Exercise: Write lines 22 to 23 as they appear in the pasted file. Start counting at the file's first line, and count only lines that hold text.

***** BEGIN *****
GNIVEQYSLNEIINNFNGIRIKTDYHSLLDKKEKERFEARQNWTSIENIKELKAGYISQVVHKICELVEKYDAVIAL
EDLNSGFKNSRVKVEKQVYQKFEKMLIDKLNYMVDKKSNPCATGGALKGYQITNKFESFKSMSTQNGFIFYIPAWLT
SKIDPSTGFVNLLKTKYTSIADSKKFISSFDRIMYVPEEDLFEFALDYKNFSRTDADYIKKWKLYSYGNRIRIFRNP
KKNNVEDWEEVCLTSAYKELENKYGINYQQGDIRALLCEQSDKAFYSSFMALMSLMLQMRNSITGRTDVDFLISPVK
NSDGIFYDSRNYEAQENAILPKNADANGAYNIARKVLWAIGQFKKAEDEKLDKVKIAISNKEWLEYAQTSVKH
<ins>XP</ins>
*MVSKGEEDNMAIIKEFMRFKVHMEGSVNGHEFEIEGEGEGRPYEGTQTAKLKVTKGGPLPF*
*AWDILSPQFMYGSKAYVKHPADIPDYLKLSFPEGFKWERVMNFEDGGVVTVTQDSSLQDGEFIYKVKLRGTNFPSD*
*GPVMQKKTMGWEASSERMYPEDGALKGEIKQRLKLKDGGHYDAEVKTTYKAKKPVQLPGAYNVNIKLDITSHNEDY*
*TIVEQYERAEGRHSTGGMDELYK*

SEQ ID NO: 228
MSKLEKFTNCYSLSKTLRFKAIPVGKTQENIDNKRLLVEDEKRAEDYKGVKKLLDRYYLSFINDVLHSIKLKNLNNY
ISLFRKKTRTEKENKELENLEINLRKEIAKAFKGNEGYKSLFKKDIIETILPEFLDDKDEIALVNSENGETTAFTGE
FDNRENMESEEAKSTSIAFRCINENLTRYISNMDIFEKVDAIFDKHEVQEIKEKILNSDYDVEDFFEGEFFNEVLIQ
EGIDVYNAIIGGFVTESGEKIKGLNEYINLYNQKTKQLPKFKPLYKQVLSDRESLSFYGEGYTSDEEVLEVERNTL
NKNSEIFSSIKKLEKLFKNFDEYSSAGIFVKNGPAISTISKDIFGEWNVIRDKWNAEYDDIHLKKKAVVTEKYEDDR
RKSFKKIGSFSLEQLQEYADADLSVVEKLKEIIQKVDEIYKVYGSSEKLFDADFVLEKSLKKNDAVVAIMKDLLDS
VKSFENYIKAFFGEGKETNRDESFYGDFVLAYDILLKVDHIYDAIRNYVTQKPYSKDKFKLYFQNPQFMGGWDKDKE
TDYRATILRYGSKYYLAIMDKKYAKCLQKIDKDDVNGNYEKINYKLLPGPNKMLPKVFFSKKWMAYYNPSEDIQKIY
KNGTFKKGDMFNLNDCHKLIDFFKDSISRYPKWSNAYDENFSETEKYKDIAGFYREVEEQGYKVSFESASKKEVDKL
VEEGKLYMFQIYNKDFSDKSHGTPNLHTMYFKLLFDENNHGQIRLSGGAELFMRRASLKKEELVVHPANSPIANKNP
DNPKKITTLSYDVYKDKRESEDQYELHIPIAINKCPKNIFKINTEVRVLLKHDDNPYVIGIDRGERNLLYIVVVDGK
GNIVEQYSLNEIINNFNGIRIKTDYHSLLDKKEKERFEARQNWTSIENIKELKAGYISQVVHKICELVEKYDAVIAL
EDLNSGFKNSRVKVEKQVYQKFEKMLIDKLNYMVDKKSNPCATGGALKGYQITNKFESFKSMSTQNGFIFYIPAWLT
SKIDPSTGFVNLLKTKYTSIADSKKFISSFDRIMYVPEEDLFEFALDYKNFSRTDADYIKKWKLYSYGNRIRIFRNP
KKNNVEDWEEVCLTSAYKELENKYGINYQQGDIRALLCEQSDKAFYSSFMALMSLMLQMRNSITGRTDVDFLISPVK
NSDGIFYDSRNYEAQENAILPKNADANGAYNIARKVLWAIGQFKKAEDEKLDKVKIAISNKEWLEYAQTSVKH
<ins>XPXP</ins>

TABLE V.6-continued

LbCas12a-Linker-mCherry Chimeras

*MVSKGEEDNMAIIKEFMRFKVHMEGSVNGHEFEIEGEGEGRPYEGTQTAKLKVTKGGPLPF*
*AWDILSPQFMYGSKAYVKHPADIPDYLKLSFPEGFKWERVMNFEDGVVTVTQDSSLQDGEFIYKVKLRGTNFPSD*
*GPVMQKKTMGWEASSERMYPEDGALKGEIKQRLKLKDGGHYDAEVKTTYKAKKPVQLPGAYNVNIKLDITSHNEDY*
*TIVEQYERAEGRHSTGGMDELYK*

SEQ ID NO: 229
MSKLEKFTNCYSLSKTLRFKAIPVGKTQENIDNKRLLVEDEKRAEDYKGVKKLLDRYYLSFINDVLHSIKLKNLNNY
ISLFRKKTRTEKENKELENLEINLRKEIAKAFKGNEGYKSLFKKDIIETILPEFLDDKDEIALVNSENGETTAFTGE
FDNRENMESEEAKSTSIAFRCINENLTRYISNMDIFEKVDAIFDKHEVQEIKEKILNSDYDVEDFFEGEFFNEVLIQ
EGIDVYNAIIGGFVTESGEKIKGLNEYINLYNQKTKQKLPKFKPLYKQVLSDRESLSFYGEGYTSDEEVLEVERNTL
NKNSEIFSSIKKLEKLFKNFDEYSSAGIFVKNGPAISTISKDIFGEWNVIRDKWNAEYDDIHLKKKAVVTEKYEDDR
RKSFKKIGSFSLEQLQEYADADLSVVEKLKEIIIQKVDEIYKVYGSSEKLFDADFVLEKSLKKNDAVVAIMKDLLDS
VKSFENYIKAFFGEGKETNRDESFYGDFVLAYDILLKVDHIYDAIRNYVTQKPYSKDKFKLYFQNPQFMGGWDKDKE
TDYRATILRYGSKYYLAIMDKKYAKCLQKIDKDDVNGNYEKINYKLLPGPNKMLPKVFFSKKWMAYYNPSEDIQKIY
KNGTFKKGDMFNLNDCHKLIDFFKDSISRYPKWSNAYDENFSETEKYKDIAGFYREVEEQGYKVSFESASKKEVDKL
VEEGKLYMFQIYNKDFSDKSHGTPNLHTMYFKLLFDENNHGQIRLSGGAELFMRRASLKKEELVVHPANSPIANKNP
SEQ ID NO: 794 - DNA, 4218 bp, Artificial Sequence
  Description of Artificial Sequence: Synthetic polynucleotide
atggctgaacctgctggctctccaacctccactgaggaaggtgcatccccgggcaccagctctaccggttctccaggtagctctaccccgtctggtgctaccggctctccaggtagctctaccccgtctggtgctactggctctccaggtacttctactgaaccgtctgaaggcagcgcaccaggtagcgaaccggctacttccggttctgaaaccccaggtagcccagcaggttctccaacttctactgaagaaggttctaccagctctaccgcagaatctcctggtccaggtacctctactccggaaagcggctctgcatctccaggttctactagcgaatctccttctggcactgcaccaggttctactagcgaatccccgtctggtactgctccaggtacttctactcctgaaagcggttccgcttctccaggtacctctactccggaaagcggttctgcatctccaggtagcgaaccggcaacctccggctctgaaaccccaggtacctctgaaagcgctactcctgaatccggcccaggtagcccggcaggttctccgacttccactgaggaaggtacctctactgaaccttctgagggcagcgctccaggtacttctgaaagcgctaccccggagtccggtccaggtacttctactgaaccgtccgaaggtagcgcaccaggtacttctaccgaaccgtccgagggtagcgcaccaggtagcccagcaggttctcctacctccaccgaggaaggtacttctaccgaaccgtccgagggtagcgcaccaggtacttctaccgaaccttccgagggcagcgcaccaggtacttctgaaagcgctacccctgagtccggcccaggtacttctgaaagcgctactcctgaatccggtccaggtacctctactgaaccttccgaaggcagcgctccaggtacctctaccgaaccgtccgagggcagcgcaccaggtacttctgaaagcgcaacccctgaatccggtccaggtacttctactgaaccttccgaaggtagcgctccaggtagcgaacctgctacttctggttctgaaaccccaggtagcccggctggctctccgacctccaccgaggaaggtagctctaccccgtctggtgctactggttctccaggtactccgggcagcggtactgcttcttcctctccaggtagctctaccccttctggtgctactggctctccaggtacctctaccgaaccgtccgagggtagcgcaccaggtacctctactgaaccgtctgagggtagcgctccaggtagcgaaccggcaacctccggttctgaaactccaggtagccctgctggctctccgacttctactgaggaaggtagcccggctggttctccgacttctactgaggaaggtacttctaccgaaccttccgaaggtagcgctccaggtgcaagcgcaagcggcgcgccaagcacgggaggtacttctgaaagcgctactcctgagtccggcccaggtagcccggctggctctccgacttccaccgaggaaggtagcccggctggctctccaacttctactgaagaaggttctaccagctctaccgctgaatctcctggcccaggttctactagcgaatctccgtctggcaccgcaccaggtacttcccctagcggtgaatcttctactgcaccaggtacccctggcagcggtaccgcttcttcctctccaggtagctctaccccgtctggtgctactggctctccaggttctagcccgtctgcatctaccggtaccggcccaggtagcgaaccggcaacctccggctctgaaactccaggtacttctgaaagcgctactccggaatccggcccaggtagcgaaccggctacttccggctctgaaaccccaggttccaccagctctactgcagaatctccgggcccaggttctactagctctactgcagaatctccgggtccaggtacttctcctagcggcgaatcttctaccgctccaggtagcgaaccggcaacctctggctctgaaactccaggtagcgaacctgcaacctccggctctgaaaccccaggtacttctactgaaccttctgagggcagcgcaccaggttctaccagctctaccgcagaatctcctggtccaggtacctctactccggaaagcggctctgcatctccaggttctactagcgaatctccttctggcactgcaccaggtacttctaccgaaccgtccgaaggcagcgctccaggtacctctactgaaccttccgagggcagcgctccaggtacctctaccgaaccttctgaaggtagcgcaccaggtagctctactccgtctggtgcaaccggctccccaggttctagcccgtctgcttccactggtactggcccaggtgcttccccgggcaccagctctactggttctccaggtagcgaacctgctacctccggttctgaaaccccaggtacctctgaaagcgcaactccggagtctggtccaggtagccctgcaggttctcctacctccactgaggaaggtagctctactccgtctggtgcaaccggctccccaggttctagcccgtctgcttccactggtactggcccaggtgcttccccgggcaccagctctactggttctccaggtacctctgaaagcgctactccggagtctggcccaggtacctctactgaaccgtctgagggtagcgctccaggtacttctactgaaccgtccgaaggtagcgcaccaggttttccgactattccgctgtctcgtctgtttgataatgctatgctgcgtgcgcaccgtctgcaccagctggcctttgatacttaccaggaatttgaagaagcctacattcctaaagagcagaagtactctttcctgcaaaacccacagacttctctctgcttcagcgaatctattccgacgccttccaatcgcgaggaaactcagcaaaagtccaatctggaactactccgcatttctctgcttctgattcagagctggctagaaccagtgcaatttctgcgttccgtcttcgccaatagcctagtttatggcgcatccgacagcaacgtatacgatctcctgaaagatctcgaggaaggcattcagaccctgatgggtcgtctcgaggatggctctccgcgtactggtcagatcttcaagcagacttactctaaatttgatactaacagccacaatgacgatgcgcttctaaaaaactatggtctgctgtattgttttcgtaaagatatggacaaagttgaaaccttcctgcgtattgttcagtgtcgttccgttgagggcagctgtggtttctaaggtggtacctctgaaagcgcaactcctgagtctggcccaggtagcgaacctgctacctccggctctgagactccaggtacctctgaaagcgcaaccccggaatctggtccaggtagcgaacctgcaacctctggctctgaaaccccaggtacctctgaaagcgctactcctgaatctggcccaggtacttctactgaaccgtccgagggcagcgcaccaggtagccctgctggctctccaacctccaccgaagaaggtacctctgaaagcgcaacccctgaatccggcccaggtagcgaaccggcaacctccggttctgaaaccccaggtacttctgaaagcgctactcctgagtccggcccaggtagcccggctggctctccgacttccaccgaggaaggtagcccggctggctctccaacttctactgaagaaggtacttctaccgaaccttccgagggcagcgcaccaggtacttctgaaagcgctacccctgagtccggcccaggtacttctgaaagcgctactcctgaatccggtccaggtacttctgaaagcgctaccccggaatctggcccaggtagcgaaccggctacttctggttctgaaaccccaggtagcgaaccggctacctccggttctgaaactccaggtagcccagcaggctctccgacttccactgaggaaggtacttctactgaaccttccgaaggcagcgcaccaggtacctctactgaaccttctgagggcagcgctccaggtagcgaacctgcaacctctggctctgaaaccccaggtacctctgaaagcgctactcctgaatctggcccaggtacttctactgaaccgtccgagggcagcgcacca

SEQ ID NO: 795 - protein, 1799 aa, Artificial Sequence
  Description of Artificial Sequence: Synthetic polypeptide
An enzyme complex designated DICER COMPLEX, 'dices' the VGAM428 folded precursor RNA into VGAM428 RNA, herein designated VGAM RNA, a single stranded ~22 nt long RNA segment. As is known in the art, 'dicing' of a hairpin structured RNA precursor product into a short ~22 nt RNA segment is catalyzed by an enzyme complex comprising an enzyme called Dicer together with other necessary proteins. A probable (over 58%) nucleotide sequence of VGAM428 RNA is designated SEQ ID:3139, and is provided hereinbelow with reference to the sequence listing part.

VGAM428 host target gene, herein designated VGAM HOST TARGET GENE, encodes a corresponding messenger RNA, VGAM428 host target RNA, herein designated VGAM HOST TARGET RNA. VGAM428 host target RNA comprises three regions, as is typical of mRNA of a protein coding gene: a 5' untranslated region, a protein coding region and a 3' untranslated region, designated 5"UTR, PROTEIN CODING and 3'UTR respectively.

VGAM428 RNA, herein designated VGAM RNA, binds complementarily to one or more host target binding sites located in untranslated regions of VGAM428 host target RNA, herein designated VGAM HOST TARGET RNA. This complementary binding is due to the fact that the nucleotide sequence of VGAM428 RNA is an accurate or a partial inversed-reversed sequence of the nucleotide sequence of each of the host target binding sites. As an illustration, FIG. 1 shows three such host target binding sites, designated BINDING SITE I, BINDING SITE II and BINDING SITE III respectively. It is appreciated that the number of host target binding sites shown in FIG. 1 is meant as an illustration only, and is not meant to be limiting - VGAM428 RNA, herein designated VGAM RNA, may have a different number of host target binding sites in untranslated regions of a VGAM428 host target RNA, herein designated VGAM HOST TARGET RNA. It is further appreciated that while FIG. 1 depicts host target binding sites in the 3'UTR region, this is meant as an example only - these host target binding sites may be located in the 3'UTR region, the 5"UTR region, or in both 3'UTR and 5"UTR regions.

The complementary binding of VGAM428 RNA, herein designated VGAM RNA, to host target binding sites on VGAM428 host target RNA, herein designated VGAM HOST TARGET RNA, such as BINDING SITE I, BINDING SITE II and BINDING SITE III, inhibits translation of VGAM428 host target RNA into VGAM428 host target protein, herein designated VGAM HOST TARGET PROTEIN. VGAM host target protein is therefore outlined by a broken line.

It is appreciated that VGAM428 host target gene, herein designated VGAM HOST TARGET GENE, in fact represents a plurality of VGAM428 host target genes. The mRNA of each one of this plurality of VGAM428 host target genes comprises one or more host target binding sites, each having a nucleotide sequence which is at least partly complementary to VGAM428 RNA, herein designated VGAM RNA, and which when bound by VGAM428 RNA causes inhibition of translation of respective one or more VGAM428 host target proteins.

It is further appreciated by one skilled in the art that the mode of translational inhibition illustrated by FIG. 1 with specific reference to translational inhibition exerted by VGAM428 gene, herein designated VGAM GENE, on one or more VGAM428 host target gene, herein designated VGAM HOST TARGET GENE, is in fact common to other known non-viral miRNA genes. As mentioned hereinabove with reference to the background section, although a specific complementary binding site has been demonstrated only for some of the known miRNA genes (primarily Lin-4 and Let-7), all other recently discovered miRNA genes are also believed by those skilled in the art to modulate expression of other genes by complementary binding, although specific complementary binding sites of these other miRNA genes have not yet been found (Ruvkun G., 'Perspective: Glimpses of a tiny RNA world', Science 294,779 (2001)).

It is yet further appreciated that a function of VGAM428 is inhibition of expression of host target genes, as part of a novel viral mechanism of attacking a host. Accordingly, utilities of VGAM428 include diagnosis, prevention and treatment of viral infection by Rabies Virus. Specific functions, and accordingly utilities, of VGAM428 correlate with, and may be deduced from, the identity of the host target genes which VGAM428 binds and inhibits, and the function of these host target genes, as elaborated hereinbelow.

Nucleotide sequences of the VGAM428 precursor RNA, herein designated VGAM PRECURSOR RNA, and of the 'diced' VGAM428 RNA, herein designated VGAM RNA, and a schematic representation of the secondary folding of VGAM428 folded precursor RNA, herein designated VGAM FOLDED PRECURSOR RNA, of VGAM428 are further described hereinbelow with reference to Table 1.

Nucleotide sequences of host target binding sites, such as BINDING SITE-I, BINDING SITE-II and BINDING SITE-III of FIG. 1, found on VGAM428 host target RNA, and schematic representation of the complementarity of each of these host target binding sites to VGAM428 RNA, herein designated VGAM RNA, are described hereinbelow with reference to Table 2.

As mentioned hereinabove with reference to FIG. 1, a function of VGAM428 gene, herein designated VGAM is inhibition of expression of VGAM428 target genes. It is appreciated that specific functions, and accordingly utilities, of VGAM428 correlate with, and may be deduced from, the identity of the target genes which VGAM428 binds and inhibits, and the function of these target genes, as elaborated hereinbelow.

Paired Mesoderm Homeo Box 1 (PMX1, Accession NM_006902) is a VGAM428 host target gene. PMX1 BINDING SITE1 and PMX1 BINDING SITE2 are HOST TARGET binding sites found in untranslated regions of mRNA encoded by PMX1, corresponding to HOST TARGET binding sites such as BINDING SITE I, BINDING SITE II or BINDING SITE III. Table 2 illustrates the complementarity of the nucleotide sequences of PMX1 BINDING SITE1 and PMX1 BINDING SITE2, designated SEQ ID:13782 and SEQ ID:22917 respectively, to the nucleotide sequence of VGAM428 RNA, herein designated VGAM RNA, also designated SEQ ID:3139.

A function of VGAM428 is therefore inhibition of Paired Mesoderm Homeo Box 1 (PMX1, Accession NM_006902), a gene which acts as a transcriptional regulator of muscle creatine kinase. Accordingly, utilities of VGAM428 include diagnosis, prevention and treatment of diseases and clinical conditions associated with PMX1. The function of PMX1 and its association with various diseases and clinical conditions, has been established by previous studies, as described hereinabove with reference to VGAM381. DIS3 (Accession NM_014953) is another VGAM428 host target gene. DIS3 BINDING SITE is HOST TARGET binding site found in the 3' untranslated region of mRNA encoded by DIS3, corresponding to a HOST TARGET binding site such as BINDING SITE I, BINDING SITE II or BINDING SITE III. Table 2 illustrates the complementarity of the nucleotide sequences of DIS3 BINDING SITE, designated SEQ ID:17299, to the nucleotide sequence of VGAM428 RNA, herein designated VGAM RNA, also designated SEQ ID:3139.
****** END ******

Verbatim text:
DNPKKITTLSYDVYKDKRESEDQYELHIPIAINKCPKNIFKINTEVRVLLKHDDNPYVIGIDRGERNLLYIVVVDGK
GNIVEQYSLNEIINNFNGIRIKTDYHSLLDKKEKERFEARQNWTSIENIKELKAGYISQVVHKICELVEKYDAVIAL